Books on Animals: Dogs

Dog Breeds: Spitz Dogs

(Akitas, Alaskan Malamutes, Chows, Elkhounds, Keeshonds, Samoyeds, Shiba Inu and Siberian Huskies).

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General overview

Spitz breeds have many fans. They are good-looking dogs, with small, erect ears, tails carried over their backs, and most bear a distinct resemblance to wolves. They include the northern breeds, Alaskan Malamutes, Norwegian Elkhounds, Keeshonds, Samoyeds and Siberian Huskies, and the Asian breeds, Akitas, Chow Chows and Shiba Inu. The northern breeds tend to be gregarious, both with humans and with other dogs, while the two larger Asian breeds tend to be more aloof with humans other than their owners, and are more prone to dog aggression. The northern breeds and Shiba Inu are generally very tolerant of children, so long as the children are sensible. These dogs shouldn't be taken for granted, however, and small children and dogs always need supervision. The two larger Asian spitz breeds need much more supervision with children, and it is worth thinking long and hard before combining the two. It's not so much that they would harm a child of the family, more that it is difficult to supervise children and dogs when children's playmates come round. Though well-socialized northern spitz dogs and Shiba Inu usually get on well with other dogs, they are still capable of getting into scraps, while some Akitas and Chow Chows can learn to tolerate other dogs, if enough care is taken with their socialization.

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All the spitz breeds have some behavioural characteristics in common, notably independence and intelligence. They tend to learn fast, and get bored easily, so they need owners who are prepared to keep them on their toes and interested in training. They won't carry on performing the same task in the way a more obedient or obsessive breed (like a Border Collie) might, rather they will simply stop cooperating, or decide to do something else more amusing, if they are asked to do the same obedience exercise too often. They are often described as bright, but stubborn. Clumsy efforts to 'show them you are the alpha' tend to be met with amusement, boredom or hostility. Spitz breeds do benefit from long-term training, however, they just want you to make it interesting. Training should begin while they are pups, and firm house rules should be laid down for pups, since it's easier to teach them rules while they are little. These are generally headstrong dogs, so consistency about rules you want them to follow as adults is important right from the start. Some of these breeds also become big, powerful dogs, and can be very difficult to manage if they are not well trained as pups. Alaskan Malamutes and Akitas are large breed dogs, and especially powerful as adults.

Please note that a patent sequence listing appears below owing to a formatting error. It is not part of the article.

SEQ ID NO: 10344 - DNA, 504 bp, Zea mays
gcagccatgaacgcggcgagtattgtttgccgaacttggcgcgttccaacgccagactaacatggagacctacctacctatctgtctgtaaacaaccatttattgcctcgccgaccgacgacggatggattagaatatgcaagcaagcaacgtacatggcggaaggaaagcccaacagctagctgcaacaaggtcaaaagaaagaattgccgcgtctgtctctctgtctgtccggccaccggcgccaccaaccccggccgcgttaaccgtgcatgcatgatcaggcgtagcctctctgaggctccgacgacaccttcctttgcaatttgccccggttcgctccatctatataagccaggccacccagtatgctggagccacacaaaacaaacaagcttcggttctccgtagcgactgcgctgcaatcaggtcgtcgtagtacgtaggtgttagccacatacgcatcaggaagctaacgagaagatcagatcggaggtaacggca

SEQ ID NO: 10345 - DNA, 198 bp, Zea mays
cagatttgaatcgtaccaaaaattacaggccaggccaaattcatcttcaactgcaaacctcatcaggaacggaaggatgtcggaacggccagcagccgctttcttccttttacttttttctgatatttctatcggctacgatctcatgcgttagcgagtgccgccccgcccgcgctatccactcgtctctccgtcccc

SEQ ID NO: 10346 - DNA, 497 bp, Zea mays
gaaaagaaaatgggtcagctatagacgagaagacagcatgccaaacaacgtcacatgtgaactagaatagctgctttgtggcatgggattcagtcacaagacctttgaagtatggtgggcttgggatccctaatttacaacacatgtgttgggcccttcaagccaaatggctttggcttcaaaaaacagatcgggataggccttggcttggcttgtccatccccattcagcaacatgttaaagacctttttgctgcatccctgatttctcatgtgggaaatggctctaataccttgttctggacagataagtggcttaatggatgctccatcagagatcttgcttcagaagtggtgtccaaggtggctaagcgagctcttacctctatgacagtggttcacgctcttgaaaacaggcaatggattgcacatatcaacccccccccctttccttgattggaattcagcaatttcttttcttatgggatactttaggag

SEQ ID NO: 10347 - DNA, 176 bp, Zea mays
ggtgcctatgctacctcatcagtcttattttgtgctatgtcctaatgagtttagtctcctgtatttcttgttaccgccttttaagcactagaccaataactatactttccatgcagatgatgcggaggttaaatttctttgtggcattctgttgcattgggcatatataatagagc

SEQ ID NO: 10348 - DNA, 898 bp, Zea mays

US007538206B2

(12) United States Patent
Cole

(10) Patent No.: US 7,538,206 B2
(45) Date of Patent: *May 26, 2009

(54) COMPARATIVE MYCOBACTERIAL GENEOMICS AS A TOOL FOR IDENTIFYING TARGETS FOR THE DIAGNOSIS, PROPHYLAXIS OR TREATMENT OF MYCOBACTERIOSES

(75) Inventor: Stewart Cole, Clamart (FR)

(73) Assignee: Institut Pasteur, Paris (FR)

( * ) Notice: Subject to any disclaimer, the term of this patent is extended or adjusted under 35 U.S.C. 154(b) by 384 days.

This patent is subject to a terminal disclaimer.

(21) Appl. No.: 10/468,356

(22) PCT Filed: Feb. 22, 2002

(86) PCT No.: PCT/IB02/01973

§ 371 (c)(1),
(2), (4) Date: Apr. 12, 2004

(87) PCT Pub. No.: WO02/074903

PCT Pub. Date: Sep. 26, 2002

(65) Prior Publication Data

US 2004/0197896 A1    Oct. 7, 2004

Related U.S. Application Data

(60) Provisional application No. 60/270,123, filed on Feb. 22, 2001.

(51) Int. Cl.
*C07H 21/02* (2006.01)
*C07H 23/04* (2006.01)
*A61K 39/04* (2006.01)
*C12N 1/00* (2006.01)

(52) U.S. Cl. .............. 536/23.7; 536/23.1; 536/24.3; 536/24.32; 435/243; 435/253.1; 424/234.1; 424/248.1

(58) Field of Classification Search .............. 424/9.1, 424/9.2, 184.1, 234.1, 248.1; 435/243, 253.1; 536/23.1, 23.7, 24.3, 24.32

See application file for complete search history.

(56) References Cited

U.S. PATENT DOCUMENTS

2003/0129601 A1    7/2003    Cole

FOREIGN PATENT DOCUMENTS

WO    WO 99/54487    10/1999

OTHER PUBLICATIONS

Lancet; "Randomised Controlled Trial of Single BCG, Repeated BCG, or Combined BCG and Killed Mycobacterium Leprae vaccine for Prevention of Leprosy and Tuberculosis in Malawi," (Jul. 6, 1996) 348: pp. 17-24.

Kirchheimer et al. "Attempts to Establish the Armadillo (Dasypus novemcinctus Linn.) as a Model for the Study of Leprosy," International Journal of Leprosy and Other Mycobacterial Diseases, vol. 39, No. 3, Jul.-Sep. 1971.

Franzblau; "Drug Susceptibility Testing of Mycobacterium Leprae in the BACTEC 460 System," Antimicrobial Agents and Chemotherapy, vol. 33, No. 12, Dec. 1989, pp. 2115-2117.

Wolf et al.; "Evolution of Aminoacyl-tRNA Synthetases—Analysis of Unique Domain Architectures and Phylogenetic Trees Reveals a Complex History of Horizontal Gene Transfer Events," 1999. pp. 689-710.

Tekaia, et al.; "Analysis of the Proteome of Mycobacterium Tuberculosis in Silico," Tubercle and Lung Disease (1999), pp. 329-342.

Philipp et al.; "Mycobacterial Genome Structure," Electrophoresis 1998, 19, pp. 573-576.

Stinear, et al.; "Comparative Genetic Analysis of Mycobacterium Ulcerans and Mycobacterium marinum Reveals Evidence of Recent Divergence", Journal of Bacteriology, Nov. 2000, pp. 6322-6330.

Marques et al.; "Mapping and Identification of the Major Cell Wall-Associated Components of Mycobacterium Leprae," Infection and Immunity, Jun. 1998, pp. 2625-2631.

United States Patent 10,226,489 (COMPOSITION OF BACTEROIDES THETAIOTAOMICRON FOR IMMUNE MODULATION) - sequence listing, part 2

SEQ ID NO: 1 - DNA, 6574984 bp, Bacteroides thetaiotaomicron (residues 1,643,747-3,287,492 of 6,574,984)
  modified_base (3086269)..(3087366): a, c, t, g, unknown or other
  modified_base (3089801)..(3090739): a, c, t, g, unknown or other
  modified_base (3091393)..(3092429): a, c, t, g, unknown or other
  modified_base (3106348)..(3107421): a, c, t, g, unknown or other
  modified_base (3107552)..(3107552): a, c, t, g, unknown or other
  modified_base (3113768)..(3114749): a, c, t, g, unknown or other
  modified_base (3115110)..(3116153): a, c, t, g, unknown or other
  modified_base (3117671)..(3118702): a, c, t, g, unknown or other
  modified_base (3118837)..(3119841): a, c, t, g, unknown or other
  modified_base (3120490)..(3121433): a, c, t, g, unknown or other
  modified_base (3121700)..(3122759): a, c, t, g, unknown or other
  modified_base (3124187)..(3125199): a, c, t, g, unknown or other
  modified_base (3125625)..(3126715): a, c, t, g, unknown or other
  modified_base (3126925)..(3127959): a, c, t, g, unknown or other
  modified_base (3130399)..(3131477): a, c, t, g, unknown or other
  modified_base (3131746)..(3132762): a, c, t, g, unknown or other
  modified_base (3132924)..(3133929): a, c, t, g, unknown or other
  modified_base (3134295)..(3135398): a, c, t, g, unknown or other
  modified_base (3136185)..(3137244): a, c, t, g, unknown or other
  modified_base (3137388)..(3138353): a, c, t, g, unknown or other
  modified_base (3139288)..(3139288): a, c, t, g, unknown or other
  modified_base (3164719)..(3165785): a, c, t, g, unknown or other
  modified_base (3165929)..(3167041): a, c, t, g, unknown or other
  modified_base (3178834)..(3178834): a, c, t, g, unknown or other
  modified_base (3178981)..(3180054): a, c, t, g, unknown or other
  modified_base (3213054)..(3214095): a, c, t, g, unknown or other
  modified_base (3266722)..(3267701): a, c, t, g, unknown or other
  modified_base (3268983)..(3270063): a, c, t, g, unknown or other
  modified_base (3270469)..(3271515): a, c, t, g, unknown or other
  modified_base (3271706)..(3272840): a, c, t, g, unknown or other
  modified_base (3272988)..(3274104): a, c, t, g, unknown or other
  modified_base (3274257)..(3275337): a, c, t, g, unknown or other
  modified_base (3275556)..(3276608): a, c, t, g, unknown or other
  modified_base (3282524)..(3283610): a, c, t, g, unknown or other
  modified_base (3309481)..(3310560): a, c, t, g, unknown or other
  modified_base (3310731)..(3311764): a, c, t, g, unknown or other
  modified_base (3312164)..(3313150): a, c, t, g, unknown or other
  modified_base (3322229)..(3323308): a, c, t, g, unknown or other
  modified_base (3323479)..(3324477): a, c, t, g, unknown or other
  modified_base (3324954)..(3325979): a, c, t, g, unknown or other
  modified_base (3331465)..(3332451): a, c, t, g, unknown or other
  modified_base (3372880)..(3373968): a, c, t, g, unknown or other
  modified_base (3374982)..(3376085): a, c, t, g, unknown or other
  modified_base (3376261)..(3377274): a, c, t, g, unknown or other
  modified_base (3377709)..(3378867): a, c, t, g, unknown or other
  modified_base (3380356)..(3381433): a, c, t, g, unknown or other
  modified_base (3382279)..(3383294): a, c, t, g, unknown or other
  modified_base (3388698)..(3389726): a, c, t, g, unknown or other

Spitz dogs all need something to do or they tend to develop behavioural problems, like wrecking the house, and, especially in the case of Alaskan Malamutes and Siberian huskies, digging up the garden. Digging seems to be inbuilt with the northern breeds, both digging holes for fun, and to lie in. You can allow them to use the spot they have selected, and just give up putting plants there, or encourage them to use a particular spot, by burying treats in their own sandpit.

The northern breeds can be trained as sled dogs. Elkhounds have been used in a wide range of activities, including herding, while Keeshonds and Samoyeds can be very good agility dogs. All spitz dogs like to accompany their owners on long walks, though you need more care of where you walk with an Akita or a Chow, since they can be dog-aggressive, which makes them difficult to handle if you walk them where there are a lot of dogs. Keeshonds and Elkhounds are the most reliable off leash. Alaskan Malamutes and Siberian huskies have especially strong prey drives, and can take after cats. These two breeds also tend to have poor recall, and love running. They were bred to be sled dogs, not to do obedience exercises, so are best suited to this, if you can work them.

Sled dogs need much more food than normal while they are working, and you need to study canine nutrition to get the proportions right, since it is not just a case of boosting amounts of food. The larger breeds, Akitas and Alaskan Malamutes, also need especially careful attention to food and exercise levels while they are growing, so that their bones develop properly, and they should be fed at least twice daily as adults, to avoid bloat. Many sled dogs have a tendency to put on weight when they are not working, so their intake should be watched. Free feeding is not usually a good idea, and it helps to make food boring, avoiding high-fat treats.

Some of these breeds make good watch dogs, especially Keeshonds and Samoyeds, which are extremely vocal. The northern breeds are generally friendly, but will tend to deter intruders by giving a warning bark. Akitas and Chows can be very intimidating for someone who enters your home without your permission. It is best to socialize these Asian spitz breeds as much as possible to be safe with humans, since otherwise they may bite someone you would rather they didn't, like a neighbour's child.